Audio Interview

SARS-CoV-2: What we need to know and possible future therapies

Published on April 5, 2020   13 min

Other Talks in the Series: Research and Clinical Interviews

Interviewer: Professor Perlman, thank you very much for recording this interview today on the current knowledge of the biology of the SARS-CoV-2 virus. How does this strain compare to the past SARS strain in terms of the biology and genetics? Prof. Perlman: I think that in terms of the biology and genetics it is very similar. We knew early on in this epidemic that the structure of this virus was almost the same as that of the SARS coronavirus or the MERS coronavirus, or for that matter the coronaviruses that we've studied for years that infect mice, so we know they all have the same organization of genes. There are certainly subtle differences because they enter cells by different receptors, they have different numbers of what we call 'accessory proteins' which we think evade the immune response, these are completely unrelated though we think they have very similar functions. But these are relatively small details compared to the overall structure, which is very similar between all these different viruses. Interviewer: How can the knowledge that we do have help in the containment of COVID-19? Prof. Perlman: Well, because we've learned so much about coronaviruses over the years, we know which proteins might be prone to the effects of developing therapies. Remember, viruses always grow inside our cells so it's very hard to develop therapies, because they use some of the same mechanisms that we need just to grow and live, so we can't randomly inhibit the functions of a virus. But because we have so much knowledge of these viruses we're able to identify those proteins which are not found in the normal cell, and which therefore are able to be inhibited by adding outside inhibitors.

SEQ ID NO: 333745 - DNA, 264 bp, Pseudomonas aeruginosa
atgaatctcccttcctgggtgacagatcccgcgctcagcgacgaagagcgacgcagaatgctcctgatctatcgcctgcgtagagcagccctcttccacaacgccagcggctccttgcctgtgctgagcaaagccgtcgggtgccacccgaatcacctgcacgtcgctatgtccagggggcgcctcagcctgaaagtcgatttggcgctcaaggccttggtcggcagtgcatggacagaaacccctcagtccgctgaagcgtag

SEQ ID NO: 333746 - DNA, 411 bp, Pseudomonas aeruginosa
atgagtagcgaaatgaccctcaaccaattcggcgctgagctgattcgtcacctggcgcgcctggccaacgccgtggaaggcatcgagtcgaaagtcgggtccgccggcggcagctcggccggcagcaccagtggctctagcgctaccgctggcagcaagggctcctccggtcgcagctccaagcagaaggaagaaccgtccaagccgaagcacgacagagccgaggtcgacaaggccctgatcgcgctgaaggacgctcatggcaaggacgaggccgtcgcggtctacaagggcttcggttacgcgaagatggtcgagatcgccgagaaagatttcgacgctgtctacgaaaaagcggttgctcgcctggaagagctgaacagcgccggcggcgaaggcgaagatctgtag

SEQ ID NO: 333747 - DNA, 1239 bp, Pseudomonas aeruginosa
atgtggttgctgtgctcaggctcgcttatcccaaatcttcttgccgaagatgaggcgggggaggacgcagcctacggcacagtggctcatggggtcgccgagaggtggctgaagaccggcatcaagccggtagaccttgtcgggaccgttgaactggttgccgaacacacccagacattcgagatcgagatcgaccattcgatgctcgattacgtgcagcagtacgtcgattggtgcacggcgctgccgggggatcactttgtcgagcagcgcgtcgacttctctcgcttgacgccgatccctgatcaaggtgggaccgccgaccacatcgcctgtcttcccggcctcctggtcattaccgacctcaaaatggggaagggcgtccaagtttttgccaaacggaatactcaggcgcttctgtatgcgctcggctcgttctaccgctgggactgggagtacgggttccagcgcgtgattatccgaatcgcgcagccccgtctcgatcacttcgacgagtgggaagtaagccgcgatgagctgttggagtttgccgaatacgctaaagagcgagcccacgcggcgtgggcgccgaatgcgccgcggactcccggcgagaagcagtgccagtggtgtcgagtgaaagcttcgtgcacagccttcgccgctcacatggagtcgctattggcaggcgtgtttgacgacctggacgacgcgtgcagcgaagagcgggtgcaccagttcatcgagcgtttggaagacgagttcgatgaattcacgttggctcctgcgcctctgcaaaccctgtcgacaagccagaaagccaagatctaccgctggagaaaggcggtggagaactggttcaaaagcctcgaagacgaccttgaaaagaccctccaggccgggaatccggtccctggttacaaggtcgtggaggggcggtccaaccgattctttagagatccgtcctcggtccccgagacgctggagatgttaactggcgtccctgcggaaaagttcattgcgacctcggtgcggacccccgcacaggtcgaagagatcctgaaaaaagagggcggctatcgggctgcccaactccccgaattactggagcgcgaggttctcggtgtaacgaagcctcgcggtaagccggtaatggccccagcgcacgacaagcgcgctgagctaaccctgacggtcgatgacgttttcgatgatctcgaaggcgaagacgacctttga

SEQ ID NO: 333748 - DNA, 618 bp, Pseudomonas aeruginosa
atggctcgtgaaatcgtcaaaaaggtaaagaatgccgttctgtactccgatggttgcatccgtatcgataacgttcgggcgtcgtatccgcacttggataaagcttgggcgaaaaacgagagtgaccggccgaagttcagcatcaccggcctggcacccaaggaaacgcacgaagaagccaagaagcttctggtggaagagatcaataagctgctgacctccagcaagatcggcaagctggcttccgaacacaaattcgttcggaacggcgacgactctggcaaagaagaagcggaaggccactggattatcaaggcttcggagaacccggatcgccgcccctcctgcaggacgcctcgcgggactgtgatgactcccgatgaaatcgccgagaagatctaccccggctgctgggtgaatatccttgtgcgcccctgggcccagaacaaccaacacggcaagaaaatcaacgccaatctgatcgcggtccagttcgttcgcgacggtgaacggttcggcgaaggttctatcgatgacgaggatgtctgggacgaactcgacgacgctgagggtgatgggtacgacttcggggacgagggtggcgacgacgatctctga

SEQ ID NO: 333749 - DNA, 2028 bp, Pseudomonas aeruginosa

SARS-CoV-2: What we need to know and possible future therapies

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